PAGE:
Feed Your Soul
Think about this: Do you feel it is right to put yourself at the center of
your own life, or is your secret fear that if you consider your own needs,
you'll alienate the people you love and end up homeless, rifling through old
chicken bones in a dark alley? Are you afraid that a "me first"
attitude will get you drummed out of the "good people" club?
Most of us secretly believe that good people, especially women, take care of
others first. They wait until everyone else has a plateful and then take what's
left. Unfortunately, most of us make decisions based on our ideas of who we
think we should be, not on who we actually are. The problem is, when we make
choices based on an ideal image of ourselves — what a good friend would do,
what a good mother would do, what a good wife would do — we end up having to
take care of ourselves in another way.
Enter food. When you don't consider your real needs, you will likely fill
the leftover emotional hunger with food. (Or another abused substance. Or
shopping. But most of us opt for food.) You eat in secret. You eat treats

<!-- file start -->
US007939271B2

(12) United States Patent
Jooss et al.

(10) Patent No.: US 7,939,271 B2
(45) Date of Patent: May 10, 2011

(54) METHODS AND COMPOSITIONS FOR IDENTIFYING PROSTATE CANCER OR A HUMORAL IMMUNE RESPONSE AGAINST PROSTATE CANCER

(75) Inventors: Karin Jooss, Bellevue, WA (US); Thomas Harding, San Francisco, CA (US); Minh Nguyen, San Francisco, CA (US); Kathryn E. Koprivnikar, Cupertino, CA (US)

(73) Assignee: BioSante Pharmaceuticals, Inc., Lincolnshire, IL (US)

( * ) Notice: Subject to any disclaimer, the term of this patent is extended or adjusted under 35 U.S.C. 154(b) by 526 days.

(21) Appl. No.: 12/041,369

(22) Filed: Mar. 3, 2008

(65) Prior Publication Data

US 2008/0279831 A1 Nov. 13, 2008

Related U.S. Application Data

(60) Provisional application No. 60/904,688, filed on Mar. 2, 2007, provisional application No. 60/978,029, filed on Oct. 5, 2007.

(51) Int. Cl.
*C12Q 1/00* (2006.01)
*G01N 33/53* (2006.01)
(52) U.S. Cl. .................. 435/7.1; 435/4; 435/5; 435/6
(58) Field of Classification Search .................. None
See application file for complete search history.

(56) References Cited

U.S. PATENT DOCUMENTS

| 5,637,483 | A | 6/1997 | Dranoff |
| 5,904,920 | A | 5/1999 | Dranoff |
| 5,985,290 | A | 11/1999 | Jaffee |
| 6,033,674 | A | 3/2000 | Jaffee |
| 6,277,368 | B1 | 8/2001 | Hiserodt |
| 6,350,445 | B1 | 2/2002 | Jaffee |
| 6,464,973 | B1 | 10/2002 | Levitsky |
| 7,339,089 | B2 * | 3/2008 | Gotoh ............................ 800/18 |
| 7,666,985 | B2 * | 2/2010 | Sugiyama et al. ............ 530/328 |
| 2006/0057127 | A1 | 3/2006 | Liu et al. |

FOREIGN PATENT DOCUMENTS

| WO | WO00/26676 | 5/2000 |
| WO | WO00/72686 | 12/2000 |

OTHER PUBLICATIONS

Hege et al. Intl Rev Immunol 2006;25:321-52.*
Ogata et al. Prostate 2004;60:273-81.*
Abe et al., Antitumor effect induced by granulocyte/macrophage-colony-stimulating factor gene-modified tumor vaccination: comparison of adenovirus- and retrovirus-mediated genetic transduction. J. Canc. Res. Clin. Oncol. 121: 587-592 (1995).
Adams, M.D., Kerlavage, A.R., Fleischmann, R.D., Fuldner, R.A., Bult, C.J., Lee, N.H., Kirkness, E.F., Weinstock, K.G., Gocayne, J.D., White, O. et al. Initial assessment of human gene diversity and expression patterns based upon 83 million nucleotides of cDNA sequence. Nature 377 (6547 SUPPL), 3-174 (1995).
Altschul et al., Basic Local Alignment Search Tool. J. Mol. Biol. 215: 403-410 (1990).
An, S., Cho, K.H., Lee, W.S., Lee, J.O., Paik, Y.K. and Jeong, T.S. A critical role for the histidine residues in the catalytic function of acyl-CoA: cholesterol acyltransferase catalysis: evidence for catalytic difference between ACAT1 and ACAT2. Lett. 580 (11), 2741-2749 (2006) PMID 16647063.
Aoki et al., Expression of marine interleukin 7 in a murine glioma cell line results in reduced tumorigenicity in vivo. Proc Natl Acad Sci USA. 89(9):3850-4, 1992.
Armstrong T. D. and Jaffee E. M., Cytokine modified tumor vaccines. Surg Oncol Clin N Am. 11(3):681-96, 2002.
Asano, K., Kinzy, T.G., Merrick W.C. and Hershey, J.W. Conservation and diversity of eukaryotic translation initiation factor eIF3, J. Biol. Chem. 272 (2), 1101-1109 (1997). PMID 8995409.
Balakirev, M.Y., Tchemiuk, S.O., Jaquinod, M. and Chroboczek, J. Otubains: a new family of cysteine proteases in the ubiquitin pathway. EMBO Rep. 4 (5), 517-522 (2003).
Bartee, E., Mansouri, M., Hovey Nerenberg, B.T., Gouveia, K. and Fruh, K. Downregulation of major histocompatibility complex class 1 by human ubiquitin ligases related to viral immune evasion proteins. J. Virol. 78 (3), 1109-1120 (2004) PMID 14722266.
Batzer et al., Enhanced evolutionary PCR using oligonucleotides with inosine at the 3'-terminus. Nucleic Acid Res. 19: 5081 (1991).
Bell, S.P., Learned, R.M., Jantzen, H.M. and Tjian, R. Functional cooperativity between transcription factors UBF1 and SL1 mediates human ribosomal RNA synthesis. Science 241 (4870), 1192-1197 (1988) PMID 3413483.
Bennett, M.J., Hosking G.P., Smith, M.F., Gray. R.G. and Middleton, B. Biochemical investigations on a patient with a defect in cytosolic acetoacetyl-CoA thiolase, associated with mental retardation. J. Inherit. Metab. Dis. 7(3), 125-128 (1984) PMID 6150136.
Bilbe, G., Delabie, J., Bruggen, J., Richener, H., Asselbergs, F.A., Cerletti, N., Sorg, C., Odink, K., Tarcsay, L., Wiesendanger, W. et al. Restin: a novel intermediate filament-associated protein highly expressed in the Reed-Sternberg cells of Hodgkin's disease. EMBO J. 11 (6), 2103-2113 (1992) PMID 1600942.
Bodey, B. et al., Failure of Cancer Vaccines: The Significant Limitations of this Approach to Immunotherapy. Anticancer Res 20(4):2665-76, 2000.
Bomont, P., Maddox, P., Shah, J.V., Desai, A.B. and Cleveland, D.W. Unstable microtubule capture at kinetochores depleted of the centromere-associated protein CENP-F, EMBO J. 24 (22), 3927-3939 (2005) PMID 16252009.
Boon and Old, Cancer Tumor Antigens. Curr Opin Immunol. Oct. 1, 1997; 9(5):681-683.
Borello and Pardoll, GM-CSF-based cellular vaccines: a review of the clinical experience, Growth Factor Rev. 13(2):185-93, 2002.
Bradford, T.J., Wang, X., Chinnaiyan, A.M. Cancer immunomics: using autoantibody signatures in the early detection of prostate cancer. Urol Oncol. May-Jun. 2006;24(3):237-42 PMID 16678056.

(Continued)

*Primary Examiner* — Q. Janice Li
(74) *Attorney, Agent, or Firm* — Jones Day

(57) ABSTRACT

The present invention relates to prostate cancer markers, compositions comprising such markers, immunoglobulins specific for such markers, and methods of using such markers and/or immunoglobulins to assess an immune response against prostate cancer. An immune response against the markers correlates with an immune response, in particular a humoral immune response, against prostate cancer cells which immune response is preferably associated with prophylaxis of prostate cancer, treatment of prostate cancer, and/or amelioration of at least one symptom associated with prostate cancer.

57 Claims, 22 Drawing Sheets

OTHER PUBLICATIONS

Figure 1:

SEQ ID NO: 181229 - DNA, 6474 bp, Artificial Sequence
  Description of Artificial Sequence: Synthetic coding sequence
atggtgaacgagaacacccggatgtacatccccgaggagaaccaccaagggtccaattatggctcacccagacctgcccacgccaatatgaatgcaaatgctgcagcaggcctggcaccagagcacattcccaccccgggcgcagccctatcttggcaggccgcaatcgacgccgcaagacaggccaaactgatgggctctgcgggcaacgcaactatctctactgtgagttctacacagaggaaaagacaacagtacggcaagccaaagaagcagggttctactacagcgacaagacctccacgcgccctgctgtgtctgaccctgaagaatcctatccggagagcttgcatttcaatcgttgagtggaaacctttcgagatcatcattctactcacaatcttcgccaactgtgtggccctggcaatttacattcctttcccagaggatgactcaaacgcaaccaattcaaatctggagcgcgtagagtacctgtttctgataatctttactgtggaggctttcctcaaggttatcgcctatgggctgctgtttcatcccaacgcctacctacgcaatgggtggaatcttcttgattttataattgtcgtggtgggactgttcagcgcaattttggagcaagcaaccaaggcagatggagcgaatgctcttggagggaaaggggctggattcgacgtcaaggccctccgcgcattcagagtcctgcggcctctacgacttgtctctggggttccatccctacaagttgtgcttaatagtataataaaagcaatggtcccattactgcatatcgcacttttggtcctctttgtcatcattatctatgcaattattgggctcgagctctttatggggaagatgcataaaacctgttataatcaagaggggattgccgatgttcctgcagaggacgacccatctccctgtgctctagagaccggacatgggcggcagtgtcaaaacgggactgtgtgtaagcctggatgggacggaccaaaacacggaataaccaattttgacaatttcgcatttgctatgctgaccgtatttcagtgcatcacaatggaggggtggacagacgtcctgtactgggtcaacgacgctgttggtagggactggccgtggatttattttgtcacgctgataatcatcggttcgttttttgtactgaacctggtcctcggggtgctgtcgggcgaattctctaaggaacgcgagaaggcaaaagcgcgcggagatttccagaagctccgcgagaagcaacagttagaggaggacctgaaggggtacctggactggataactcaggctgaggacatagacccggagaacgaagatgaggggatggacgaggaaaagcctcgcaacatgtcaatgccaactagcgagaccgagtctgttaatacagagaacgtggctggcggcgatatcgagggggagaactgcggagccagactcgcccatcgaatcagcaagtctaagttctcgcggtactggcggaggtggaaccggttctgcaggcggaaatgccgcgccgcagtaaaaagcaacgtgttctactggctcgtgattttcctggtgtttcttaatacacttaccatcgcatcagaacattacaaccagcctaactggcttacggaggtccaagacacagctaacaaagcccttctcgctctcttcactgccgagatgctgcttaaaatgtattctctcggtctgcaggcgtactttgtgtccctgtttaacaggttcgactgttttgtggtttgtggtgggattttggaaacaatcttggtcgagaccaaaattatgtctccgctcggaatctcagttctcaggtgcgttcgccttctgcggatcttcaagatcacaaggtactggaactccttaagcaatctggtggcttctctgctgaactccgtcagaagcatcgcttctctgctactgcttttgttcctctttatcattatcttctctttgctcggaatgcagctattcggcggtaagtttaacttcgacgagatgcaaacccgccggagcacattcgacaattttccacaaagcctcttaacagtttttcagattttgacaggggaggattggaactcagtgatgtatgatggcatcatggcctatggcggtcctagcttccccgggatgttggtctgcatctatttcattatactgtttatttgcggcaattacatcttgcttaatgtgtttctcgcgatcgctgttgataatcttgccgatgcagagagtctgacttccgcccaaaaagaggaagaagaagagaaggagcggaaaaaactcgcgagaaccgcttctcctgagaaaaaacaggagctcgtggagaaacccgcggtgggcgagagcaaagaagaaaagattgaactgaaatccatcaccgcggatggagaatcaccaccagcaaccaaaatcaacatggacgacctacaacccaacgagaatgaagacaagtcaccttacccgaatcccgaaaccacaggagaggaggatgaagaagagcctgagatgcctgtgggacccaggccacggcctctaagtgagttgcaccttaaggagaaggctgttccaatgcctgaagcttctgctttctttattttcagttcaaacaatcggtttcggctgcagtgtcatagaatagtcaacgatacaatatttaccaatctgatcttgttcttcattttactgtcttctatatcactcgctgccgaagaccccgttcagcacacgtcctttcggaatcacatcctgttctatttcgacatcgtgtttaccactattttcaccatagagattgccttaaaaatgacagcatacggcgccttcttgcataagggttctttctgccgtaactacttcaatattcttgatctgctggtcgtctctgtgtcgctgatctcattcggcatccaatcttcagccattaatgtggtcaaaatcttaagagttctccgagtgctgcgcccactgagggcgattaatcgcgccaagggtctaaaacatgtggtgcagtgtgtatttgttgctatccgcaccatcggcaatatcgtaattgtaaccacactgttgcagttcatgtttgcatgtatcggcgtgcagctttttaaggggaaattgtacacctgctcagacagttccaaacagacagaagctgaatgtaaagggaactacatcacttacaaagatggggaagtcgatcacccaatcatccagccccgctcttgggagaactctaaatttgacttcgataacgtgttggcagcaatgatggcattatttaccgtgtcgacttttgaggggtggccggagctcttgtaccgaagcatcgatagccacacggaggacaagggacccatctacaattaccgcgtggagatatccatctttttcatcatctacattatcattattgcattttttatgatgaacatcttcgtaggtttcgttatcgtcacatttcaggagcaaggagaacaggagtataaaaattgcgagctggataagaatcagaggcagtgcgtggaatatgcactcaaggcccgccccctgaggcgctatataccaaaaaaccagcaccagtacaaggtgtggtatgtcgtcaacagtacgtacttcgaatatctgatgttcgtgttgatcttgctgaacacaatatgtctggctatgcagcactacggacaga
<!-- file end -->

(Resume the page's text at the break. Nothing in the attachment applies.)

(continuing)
whenever you can, because food is the one way, the only way, you nourish
yourself. You eat on the run because you believe that you shouldn't take time
for lunch; there's too much work to do. You eat the éclair, the doughnut, the
cake, all the while knowing this isn't really taking care of yourself. But to
really take care of yourself, you have to think of yourself first.
"Is that possible?" you ask. "What about my children? I'd die
for them." Have you ever considered why, on an airplane, the flight
attendant tells you to put on your own oxygen mask first, before you help your
children? It's because your kids' well-being depends on it. If you aren't
grounded, present, calm, and able to breathe, there is no one to take care of
What would your life look like if you acknowledged the truth that working
nonstop for 10 hours, taking care of other people, leaves you so spent and
weary that there really isn't much left of you for your kids, let alone
yourself? What would your life look like if you realized that you need to set
aside time every day to fill yourself up — even if it's only by taking a few
15-minute breaks during which you stare at nothing or go outside or lie down?
What would the pace of your life be if you went on "soul time" instead
of clock time, even just a little?
It's possible. A few days ago, I spoke with a first-time mother. Her baby
son had colic, and she was completely exhausted. She was so afraid she wouldn't
be there when he needed her that she couldn't sleep even when he was napping or
with her husband. And she was turning to food to calm herself down. I asked her
what it would be like to do something very simple for herself: to sit down and
breathe. That's all. No big deal. Nothing to achieve. Just let the body do what
it was already doing and give herself a break. She said she could try that. She